The Ten Years of Touring Tour feels more like a house party than a concert. It’s an impression that may be partly due to the venue. The Syndicate Lounge in Birmingham, AL was intimate and casual and had every appearance of a buddy’s game room or basement bedroom. There’s a small bar in the back, a room with a couple of sofas off to one side and a smaller room around the corner where a merch table sat instead of a ping-pong table. Three laptops were set up on a small table in the middle of the stage, like someone tried to put together an ad hoc LAN party.
But the house party vibe didn’t lie entirely on the shoulders of The Syndicate Lounge. MC Chris and both of his opening acts are among some of the most affable and approachable artists you’ll ever meet. They engaged the crowd and gladly bullshit with fans after the show about classic NES games and iconic wrestling moves while signing autographs and posing for selfies. They’re all proud nerds.
Former schoolteacher and Philadelphia native Mega Ran was a perfect primer for the night. Funny and friendly, it’s impossible not to smile back at the man when he grins. Mega Ran served as an unofficial master of ceremonies for the show. He expertly warmed up the crowd, directing dance moves and bringing fans onstage to participate. His set was peppered with anecdotes about his teaching experiences and his disappointment in his kids’ love of Drake. For his big freestyle finale, he had the audience empty their pockets in search of props and spontaneous subject matter.
One of the perks of seeing a bill with three MCs means not having to suffer through a full breakdown, set up and sound check between every act. A jiggling of a couple of cords and a quick mic check was all that was required before MC Lars was ready to go on. Lars’ onstage persona was jubilant and childlike. He bounced from one side of the stage to the other high fiving fans while espousing his love of Weird Al Yankovic and Edgar Allen Poe. Mega Ran returned to the stage for a few tag team raps to close out the set, including a full rap rendition of Poe’s “The Raven” complete with a raven puppet.
It’d be reasonable to suspect that Mega Ran and MC Lars performed an off stage Dragon Ball-style fusion dance to form the headlining act. MC Chris is a veteran artist who embodies both the tangent-prone, audience taskmaster of Mega Ran and the loveable goofball of MC Lars. Chris was quick to work the crowd, making them laugh, dance and sing on command. Despite touring on a new album, his set was very fan-conscious. He leaned on older, pre-Foreverrr material, only slipping in a couple of newer tracks. It was a disappointing and perhaps an overly cautious decision given the popularity of his previous album and that his newest albums deal in Halloween-appropriate fare. Considering that he hosted a mid-concert costume contest, one might’ve expected more Ghostbusters and Freddy Kruger-centric tracks to work their way into the set. But long time fans were guaranteed to hear all their favorite songs. The set list included everything from “Pizza Butt” to “Fett’s Vette.” Chris even opened with “I Want Candy,” a deep-cut from his Adult Swim alter ego MC Pee Pants.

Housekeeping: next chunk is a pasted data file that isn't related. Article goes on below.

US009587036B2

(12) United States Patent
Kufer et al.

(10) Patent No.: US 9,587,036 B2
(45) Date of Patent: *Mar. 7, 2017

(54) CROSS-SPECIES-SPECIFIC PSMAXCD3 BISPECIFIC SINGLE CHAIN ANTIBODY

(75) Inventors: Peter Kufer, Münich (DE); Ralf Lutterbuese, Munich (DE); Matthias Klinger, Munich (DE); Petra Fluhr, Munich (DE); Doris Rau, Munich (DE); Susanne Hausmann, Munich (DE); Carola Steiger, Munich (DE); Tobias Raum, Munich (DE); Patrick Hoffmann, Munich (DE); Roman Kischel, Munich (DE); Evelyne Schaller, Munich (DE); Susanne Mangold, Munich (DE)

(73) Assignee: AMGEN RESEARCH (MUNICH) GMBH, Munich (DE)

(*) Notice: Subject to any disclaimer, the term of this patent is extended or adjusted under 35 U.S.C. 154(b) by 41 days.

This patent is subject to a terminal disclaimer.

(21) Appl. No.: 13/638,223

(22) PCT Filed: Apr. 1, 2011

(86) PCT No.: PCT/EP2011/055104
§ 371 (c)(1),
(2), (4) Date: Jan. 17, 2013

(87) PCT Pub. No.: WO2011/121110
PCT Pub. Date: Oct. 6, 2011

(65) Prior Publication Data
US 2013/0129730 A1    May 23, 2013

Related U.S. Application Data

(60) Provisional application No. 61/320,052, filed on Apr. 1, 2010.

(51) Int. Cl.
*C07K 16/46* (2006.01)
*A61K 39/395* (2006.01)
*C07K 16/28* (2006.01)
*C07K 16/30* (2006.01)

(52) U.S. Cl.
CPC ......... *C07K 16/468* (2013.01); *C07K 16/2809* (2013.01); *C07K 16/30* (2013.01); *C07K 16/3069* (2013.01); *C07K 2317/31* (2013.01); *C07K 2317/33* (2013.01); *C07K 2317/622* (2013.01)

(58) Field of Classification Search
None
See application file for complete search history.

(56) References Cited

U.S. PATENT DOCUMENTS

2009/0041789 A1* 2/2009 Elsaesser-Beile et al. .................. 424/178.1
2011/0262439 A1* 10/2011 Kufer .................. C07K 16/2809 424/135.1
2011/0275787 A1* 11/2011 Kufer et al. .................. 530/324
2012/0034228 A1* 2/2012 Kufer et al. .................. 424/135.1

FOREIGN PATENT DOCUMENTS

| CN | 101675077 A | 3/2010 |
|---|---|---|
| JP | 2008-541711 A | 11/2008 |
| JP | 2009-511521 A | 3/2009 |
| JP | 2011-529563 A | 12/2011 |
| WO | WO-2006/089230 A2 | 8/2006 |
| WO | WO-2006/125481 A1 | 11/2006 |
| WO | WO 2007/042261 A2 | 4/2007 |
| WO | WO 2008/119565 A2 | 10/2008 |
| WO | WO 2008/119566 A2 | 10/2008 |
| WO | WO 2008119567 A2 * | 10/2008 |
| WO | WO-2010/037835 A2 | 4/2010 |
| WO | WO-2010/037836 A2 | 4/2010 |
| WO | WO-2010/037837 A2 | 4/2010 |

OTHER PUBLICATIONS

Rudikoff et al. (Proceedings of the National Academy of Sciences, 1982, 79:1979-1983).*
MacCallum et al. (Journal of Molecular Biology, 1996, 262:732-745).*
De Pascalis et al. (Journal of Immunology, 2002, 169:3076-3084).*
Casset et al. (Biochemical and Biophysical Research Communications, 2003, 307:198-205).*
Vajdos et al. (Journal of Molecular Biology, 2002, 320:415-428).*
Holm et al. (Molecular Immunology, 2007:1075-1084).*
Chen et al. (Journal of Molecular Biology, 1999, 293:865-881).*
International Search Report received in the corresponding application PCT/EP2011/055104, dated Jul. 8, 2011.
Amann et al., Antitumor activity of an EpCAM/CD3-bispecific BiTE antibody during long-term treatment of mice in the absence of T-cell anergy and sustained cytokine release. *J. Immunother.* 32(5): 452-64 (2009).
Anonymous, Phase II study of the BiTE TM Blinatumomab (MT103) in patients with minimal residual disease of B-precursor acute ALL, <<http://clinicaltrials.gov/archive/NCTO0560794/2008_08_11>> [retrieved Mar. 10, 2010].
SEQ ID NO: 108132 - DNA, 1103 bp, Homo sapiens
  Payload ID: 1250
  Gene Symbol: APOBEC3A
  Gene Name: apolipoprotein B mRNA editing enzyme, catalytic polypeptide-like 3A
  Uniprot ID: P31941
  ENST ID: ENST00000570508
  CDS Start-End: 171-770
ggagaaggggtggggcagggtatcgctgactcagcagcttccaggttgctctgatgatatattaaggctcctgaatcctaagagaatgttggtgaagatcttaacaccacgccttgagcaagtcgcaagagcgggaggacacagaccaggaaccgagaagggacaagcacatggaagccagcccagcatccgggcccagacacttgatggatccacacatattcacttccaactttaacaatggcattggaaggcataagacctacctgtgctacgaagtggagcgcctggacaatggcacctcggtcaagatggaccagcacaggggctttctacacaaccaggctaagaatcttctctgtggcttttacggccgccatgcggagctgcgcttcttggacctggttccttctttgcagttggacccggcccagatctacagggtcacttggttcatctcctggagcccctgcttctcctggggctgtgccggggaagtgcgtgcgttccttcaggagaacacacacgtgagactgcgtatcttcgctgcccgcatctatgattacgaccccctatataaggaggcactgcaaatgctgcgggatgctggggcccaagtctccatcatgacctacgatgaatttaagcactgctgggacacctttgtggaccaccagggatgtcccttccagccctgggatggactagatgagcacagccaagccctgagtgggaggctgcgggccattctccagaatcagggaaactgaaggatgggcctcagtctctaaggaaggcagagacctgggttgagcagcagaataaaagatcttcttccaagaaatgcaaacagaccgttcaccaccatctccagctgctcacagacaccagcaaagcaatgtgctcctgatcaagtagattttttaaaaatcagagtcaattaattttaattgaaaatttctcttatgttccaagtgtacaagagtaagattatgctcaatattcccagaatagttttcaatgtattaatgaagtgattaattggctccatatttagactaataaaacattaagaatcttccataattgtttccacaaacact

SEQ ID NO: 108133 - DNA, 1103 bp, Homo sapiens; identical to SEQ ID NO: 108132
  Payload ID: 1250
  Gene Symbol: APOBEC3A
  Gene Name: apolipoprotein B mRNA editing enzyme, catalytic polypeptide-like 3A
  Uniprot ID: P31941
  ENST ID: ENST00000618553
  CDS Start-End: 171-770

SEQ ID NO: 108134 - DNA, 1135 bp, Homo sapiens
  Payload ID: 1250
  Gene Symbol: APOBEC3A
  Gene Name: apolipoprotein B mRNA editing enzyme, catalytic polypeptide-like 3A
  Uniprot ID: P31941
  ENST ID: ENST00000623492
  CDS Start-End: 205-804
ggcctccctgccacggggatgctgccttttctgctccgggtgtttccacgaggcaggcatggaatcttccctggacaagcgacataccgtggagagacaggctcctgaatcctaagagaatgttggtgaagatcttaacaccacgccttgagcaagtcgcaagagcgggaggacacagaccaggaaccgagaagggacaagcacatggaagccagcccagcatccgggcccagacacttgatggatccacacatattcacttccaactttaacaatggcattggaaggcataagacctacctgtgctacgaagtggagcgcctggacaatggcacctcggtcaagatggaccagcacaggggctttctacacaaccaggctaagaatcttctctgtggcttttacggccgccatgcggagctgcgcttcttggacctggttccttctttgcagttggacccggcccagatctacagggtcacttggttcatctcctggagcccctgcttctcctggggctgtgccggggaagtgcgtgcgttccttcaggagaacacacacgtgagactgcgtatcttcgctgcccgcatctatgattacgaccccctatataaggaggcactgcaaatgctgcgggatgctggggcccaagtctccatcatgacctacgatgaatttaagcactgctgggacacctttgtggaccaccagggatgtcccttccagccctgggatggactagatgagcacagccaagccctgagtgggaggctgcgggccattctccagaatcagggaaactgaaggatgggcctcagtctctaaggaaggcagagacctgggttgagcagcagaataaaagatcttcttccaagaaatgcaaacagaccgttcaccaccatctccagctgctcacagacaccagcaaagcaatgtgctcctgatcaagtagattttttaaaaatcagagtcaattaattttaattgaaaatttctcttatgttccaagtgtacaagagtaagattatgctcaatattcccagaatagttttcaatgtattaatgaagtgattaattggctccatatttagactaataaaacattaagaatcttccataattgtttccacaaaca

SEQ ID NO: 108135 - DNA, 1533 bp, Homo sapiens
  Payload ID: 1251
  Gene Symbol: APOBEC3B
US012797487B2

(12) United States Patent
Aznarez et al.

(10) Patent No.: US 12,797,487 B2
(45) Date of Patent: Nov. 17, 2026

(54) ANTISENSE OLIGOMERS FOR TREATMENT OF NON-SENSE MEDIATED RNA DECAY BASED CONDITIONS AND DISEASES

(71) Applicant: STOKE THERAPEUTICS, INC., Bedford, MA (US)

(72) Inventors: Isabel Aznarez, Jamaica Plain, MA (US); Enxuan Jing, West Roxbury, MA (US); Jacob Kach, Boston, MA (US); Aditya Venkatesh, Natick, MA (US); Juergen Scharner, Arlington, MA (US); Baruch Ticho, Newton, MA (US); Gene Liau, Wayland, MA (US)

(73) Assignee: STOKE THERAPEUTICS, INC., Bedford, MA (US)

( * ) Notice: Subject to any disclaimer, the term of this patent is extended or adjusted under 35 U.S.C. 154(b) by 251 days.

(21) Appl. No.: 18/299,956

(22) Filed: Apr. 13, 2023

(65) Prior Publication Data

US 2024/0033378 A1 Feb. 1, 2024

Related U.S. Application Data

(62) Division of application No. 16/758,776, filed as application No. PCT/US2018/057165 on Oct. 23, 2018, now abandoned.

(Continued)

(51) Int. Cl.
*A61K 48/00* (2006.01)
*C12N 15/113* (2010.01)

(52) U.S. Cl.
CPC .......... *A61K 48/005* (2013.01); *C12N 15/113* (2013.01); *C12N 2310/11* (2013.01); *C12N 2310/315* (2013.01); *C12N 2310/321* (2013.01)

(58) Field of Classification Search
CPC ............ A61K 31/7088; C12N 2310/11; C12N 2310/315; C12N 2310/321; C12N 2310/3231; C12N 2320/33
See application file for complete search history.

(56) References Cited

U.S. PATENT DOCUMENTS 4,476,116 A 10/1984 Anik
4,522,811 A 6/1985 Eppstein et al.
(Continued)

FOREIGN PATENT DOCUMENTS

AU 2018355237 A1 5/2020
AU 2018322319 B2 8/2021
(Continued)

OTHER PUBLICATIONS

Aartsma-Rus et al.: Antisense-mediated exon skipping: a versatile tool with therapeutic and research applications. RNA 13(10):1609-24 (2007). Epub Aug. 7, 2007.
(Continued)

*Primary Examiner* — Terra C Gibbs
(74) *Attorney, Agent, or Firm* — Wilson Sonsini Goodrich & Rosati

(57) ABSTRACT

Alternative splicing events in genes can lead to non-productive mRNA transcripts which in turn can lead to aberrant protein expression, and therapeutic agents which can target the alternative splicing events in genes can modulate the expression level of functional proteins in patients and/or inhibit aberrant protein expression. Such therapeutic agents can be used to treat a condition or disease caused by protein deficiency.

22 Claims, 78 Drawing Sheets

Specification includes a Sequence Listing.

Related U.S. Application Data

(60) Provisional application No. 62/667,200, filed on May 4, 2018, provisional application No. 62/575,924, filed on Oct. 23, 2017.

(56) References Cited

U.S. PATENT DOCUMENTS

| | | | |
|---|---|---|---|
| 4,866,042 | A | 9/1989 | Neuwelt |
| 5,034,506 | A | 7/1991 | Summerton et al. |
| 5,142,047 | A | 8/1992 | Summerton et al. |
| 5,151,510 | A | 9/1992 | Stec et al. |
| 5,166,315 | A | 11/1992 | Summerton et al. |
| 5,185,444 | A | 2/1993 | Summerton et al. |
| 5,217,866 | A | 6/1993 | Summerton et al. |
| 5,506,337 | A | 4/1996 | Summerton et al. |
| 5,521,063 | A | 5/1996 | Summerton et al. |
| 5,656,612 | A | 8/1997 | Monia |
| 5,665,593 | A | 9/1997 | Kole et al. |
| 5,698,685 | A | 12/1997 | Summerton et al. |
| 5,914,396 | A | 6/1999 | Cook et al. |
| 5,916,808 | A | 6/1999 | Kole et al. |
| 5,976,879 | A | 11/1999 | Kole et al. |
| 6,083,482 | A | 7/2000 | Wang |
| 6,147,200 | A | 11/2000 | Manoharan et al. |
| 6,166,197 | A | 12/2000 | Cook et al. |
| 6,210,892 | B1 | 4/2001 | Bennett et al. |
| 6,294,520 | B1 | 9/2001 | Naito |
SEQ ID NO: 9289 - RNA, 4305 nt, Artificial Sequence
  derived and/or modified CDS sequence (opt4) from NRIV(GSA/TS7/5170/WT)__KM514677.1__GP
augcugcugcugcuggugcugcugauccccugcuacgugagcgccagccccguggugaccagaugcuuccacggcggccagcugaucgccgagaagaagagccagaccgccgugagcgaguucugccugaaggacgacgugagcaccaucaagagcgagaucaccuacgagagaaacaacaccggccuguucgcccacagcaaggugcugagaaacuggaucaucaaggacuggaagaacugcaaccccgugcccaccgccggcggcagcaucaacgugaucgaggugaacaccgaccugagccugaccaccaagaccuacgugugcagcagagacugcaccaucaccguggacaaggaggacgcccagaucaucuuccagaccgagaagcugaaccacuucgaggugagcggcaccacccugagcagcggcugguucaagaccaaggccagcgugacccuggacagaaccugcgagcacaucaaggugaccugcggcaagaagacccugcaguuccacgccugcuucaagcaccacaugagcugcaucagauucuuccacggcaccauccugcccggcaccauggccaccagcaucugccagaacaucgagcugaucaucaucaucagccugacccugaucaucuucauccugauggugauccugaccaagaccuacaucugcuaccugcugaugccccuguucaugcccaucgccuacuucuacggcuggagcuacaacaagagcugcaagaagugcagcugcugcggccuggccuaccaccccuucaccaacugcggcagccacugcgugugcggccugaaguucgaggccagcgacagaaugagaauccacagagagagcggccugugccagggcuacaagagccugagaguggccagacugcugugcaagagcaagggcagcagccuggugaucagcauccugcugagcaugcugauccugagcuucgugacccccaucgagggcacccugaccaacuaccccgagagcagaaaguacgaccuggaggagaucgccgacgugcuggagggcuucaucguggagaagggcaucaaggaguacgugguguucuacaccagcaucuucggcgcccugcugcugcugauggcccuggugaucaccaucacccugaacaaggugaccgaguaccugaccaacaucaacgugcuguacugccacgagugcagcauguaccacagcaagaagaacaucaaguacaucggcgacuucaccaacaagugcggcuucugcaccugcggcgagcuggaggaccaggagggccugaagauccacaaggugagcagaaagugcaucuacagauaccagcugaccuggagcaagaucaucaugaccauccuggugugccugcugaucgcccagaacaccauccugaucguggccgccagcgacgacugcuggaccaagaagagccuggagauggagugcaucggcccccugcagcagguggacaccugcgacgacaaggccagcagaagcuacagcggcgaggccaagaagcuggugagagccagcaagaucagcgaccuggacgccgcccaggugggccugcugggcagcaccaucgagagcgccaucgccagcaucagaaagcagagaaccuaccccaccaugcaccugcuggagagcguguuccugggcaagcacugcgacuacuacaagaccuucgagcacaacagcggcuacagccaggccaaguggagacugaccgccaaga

As anyone familiar with an MC Chris show might expect, his set was filled with nerdy rants about Star Wars and Jaws interspersed between raps. Underneath the “funny voice” and the nerd rage façade, Chris is a respectable comedian with a sharp sense of timing and the ability to flip a flub into a laugh. One bit involved continuously interrupting his own song to return to a previous rant about the Millennium Falcon as if he were a politically enraged Facebook poster, culminating with the angry non sequitur, “Jared Leto was a bad Joker!”
Ten years is a long time to spend on the road, but MC Chris and his compatriots have only improved with age. It’s well worth your time to release your inner geek for an evening. There are few shows that are as fun as an MC Chris show and you should see him live at least once, no matter what Alex Trebek says.